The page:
February 20, 2021

Super Rain Shadow

 There are rain shadows.... and then there are super rain shadows.  

On Sunday, a super shadow will produce an area of virtually no rain over northern Puget Sound country. And another super rain shadow will occur over the eastern slopes of the Cascades.

As I have discussed many times in this blog, when air approaches a terrain barrier, it is forced to rise on one side, producing bountiful precipitation, and when it descends the other side, the air is compressed, warms, and dries (see figure).  The wet side is the windward side, the dry side, the leeward one.

The effects of terrain--both windward enhancement and the lee rain shadow-- are enhanced when the wind is strong and headed straight up the mountain range on one side and straight down on the other, like the example shown below.

On Sunday, the situation will be perfect:  strong winds from the west will approach the north-south terrain barriers of our region.  And this wont be just any air...but a moist atmospheric river as well!

Here is the forecast 24-h total precipitation ending at 4 AM Monday. As much as 2-5 inches on the windward side of the Olympics and Cascades, but NOTHING east of the Olympics and over northern Puget Sound and NADA over the lower eastern slopes of the Cascades and nearby easterly Washington.

Here is a closer look over western Washington.  NOTHING from north Seattle to southern Snohomish County and back towards northern Kitsap.

The perfect day to visit  Richmond Beach Park on the Sound.    The folks in Sequim, normally smug in their rain shadow ascendency, will be jealous.

To show you how perfect the set up is, here are the winds and heights (like pressure) around 5000 ft (850 hPa pressure) at 4 PM Sunday.  Winds are parallel to the height lines....and you can see wind barbs if you look closely.

Just wow.  HUGE  north-south variation in heights (which means STRONG winds), with the winds coming out of the west.  Due west.   Winds are directed perpendicular to the north-south mountain ranges of our region, which means strong uplift (and precipitation) on one side, and extraordinary sinking on the lee side of the terrain crests.

And this westerly (from the west) flow will be very moist, as shown by this forecast of atmospheric moisture at 10 PM Sunday.  You see the  orange/red areas directed right into Washington?  THAT is a plume of moisture, commonly known as an atmospheric river.

But even with all that "juice", the strong sinking to  the lee of local barriers will make it  bone dry downstream of them.

A major issue will be heavy precipitation...including rain... in the lower passes on Sunday and Monday.  It might get unpleasant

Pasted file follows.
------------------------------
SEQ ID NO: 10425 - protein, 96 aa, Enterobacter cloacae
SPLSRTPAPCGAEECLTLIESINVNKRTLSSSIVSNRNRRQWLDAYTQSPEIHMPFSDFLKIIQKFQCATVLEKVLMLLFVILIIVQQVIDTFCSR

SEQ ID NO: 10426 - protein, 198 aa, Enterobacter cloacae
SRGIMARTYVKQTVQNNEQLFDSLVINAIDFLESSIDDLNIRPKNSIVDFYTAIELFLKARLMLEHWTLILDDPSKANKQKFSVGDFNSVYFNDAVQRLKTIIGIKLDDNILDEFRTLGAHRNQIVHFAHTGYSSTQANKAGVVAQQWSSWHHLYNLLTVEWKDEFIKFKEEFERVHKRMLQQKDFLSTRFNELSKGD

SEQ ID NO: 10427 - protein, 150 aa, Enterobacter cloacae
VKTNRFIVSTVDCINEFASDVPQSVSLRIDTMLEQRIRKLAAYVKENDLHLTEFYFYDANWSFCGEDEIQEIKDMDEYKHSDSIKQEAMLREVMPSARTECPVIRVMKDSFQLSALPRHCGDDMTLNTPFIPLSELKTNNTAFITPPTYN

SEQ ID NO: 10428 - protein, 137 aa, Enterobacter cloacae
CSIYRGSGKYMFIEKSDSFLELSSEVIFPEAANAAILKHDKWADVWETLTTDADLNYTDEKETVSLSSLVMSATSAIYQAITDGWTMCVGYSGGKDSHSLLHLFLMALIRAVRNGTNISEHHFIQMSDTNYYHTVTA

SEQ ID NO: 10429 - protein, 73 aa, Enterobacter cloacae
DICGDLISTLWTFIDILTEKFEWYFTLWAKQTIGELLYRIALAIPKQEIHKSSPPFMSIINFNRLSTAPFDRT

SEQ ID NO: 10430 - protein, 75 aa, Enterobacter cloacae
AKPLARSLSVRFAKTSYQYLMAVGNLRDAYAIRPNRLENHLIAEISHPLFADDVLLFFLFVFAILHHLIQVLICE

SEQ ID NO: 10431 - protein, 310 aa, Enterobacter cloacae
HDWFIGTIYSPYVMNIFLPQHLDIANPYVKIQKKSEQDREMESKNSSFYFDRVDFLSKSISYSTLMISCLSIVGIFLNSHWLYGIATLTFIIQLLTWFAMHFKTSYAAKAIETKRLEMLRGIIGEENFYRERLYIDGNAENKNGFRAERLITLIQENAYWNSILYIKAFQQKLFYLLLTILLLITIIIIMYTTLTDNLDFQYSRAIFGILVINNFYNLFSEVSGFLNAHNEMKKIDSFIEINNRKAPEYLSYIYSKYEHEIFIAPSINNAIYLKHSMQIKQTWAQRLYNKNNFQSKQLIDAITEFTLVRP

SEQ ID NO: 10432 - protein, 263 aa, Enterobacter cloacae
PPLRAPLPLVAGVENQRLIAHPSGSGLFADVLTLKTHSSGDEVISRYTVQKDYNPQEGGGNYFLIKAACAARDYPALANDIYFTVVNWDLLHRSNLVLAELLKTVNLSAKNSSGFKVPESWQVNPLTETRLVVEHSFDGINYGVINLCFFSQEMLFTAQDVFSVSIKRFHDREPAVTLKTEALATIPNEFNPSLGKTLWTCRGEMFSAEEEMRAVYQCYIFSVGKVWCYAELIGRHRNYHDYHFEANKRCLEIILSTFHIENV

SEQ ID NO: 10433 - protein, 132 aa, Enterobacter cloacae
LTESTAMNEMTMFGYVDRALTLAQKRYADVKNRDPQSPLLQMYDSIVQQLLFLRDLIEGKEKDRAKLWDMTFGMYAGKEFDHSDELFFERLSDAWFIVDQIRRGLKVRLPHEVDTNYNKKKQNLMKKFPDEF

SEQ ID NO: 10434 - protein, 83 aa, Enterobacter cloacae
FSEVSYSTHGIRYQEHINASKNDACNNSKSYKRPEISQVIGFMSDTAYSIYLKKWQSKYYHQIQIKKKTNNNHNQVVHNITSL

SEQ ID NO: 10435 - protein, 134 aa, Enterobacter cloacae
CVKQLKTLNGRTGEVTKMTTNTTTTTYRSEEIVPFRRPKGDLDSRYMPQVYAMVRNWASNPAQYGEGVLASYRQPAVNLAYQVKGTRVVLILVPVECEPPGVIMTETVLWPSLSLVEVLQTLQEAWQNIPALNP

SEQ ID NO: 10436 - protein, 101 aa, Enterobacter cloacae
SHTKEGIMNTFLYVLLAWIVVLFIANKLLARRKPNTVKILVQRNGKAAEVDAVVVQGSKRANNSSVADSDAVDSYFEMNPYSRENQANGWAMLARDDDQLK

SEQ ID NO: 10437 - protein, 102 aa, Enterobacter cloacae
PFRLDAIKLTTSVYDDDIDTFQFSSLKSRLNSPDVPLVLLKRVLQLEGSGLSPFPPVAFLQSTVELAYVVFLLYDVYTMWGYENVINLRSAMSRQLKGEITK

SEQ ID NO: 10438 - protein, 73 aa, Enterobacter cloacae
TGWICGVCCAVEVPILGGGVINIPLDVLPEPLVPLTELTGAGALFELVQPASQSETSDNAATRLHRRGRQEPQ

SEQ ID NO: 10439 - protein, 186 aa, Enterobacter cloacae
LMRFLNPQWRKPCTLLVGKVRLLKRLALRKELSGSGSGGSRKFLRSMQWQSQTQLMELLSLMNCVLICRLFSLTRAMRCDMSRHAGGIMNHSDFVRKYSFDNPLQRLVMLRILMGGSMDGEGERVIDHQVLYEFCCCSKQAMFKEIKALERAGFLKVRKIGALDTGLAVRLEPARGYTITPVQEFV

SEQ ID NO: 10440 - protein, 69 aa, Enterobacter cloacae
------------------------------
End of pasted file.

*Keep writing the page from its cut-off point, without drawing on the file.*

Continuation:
So enjoy the dry rain shadows if  you are in a favored spot, and perhaps take a short trip to a local rain shadow if you are not.  

Finally, it turns out that there is a Super Rain Shadow action figure .  I will have to get one!


Featured blog on the Decline of Public Radio Station KNKX: 


  1. why do westerly winds sometimes produce a convergence zone and sometimes a shadow?

    1. I believe the convergence zone happens more to the east around here and when there is a convergence zone, it is normally still pretty dry to the west of Lynnwood

    2. From Scott sistek in 2015

      “Convergence Zone balances Olympic Rain Shadow effects

      You might think for those who live in the Convergence Zone, it's analogous to being the Eeyore of the Puget Sound region -- where the rain picks on you all the time. But while it's true that those in the Convergence Zone get more rainy days than their neighbors in Seattle and Bellevue, overall their annual rainfall is about equal.

      How? It's because on other days when we get our wettest storms, the Olympic Rain Shadow coincidentally reaches over and brings a lighter rain to the convergence zone areas. So while the zone areas get more days with rain, on our widespread rain days, the zone areas will get less daily rain than non-zone areas.“

  2. Great topic for Cliff.. what is the atmospheric setup that creates a rain shadow some days and a convergence zone on other days, in the same location? Why do some areas get rain shadows but no convergence zones (Sequim, San Juans) while others can get both (Everett/Lynnwood). Are there areas that are the opposite of this, that get convergence zones but no rain shadows?

    1. Sequim DOES get a convergence zone, only its rare. Its off the mountains on Vancouver Island when the winds blow from the NW. Probably any area on the west foothill/windward side of the Cascades qualify for Convergence zones but not rain shadows.

  3. Definitely no rain shadow down here in Auburn!

    1. The rain shadow was yesterday. Today, the fire hose is pointed at us.


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